A bit more on some other possible trade and free agent scenarios around the league…
- The Athletics are “actively listening to offers” for right-hander Sonny Gray, per Olney. Gray’s name has been a mainstay in trade rumors over the past year and a half, but with a $3.7MM salary projection for next season and Oakland looks more likely to move veteran pieces, there’s a better chance this winter that he’s moved than there has been in previous trade seasons. Of course, teams may be wary of Gray’s 5.69 ERA and time on the disabled list this past season, and the A’s aren’t likely to consider selling Gray at a discounted price, so agreeing on price with interested teams certainly presents some hurdles. Gray is still just 27 and is controlled for another three seasons.
- With Brian McCann shipped out today, the Yankees appear to be turning their attention to additions to the roster. Pitching is at the top of the list, with Rich Hill a possible target, Olney tweets. And he adds that slugger Carlos Beltran remains a target. As James Wagner of the New York Times reports (Twitter links), GM Brian Cashman says that the organization is looking to add bats. While it isn’t committed to spending big, he says he expects to continue discussions with top-of-the-market hitter Yoenis Cespedes. “I’m sure we’ll talk again,” said Cashman of his contact with Cespedes’s reps. “Now that we have more flexibility, it gives us more choices.”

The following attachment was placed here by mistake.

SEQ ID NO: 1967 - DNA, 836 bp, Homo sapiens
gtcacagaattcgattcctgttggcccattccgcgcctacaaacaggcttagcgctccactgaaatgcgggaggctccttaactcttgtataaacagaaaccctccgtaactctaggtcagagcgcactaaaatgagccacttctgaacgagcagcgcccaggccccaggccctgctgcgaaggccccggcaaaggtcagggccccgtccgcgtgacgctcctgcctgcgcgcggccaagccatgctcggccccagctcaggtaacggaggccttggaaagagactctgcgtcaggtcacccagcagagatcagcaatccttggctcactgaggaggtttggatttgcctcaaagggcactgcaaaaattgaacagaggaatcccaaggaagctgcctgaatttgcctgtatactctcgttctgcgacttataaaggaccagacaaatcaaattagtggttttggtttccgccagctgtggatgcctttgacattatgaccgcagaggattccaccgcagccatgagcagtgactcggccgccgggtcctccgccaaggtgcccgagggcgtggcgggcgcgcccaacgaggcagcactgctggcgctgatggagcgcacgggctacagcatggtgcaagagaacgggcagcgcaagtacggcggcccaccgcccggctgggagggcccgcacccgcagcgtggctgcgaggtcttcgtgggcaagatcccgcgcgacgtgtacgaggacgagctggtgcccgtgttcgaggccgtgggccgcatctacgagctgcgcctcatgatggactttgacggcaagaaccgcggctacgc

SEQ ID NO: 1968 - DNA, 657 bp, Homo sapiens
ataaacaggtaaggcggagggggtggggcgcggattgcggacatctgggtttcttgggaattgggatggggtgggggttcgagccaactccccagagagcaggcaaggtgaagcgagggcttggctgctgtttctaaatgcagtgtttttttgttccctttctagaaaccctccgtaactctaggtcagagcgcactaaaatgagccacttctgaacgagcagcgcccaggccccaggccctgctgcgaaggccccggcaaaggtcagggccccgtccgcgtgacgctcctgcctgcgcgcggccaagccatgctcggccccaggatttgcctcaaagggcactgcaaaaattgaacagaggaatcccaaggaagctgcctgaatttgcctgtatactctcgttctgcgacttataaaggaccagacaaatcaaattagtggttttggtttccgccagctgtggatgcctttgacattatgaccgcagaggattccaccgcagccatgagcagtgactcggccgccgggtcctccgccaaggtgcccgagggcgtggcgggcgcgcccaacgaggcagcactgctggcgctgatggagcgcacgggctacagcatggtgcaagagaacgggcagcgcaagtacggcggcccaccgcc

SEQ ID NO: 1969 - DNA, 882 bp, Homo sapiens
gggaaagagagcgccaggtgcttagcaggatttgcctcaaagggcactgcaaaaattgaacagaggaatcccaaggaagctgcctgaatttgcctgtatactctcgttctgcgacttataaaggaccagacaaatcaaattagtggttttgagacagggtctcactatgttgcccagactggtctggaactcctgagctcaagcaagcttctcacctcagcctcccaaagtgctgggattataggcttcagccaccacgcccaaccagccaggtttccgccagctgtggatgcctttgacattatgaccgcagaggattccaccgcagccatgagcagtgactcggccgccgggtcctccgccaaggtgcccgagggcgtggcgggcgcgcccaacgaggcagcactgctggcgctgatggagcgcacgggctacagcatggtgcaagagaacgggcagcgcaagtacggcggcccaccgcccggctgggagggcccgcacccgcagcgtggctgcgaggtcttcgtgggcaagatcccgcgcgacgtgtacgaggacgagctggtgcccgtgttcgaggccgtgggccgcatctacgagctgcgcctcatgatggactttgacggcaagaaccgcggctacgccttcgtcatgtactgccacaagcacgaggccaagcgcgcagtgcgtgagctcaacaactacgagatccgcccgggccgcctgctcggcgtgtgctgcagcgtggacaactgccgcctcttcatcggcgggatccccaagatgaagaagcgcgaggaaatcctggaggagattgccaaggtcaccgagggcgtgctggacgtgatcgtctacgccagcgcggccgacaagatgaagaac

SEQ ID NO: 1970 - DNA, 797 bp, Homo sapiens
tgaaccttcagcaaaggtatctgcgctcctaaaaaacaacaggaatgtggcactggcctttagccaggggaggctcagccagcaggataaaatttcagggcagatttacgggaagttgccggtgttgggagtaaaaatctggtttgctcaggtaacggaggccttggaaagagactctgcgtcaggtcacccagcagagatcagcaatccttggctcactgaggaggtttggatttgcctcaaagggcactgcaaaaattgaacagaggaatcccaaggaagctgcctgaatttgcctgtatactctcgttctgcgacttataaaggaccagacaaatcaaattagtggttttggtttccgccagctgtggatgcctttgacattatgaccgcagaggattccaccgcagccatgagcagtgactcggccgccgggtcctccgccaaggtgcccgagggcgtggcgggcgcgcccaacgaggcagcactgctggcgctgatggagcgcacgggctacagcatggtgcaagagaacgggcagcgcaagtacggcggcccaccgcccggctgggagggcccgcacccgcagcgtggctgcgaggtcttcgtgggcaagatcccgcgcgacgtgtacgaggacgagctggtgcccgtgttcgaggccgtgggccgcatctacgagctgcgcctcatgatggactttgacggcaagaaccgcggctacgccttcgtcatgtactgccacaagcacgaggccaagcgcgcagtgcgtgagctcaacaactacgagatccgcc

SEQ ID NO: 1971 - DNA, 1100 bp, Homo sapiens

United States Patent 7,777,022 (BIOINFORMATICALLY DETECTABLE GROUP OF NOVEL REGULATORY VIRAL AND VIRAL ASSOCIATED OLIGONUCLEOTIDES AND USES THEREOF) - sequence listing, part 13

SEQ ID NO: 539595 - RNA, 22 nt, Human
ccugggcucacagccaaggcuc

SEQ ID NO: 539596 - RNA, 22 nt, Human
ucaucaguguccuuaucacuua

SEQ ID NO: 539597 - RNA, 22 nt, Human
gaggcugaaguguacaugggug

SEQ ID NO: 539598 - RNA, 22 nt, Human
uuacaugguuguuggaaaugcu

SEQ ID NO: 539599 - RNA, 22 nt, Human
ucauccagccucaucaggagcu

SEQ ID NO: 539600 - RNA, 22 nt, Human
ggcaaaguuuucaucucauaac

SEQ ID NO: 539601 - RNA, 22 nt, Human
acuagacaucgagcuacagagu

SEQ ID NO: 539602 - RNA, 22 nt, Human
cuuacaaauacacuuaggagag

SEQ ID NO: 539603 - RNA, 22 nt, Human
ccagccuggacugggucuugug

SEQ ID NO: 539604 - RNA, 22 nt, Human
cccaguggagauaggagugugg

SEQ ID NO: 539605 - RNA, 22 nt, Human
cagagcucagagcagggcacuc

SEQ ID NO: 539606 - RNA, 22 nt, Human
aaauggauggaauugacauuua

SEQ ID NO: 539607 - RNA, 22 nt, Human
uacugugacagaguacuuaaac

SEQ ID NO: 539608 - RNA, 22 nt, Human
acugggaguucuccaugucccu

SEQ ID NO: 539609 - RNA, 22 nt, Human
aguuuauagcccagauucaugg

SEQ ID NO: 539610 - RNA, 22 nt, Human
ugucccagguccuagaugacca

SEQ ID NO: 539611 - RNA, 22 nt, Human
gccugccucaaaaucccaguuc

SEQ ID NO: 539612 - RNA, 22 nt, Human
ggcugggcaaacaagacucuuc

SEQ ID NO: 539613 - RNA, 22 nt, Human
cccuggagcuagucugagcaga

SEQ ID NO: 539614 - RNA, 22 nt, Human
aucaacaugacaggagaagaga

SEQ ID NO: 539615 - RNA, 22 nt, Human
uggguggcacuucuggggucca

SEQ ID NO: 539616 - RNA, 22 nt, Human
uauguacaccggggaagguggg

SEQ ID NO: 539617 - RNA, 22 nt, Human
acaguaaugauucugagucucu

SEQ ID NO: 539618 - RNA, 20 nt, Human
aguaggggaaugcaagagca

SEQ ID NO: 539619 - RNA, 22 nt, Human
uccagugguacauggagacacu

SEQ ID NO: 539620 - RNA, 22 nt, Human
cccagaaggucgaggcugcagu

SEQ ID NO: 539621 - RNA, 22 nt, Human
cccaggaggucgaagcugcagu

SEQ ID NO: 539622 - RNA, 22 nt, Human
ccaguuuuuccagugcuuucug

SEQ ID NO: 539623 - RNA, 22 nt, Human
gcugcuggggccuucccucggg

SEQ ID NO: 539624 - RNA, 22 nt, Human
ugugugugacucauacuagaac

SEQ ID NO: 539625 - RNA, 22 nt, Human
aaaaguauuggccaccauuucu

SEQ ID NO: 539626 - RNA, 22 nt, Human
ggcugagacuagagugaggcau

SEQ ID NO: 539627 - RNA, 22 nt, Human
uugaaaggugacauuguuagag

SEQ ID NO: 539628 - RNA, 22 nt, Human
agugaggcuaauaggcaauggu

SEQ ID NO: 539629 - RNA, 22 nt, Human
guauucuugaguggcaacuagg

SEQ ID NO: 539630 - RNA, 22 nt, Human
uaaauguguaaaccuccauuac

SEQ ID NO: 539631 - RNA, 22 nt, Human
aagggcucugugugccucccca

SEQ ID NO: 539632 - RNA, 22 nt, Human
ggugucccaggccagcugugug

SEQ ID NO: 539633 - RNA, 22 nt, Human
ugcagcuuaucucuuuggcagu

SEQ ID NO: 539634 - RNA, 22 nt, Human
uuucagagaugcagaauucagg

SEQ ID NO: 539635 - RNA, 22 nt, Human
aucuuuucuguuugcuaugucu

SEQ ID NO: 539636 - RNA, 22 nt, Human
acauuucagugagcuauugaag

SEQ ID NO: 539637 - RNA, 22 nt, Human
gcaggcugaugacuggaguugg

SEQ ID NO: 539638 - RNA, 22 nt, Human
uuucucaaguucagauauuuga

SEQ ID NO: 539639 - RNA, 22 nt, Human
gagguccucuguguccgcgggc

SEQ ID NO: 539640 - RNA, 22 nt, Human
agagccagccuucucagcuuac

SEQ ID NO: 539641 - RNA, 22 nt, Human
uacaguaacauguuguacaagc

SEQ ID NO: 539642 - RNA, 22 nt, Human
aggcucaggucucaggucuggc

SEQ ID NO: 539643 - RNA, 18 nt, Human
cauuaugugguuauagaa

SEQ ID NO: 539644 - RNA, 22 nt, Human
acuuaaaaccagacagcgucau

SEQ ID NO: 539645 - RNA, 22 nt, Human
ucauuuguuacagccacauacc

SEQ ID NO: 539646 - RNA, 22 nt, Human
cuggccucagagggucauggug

- Though the Braves have been connected to several top young starters, their focus is on trying to work a deal with the White Sox for Chris Sale, according to David O’Brien of the Atlanta Journal-Constitution. It’s still unclear just how hard Atlanta will push to pry him loose, and certainly Chicago isn’t in a position where it needs to move its affordable, excellent, and still-youthful ace. And as O’Brien notes, the Braves have signaled previously that they aren’t interested in emptying their farm to move toward contention — though there may be an added willingness to give up some premium assets in this case, as would certainly be necessary to get something done.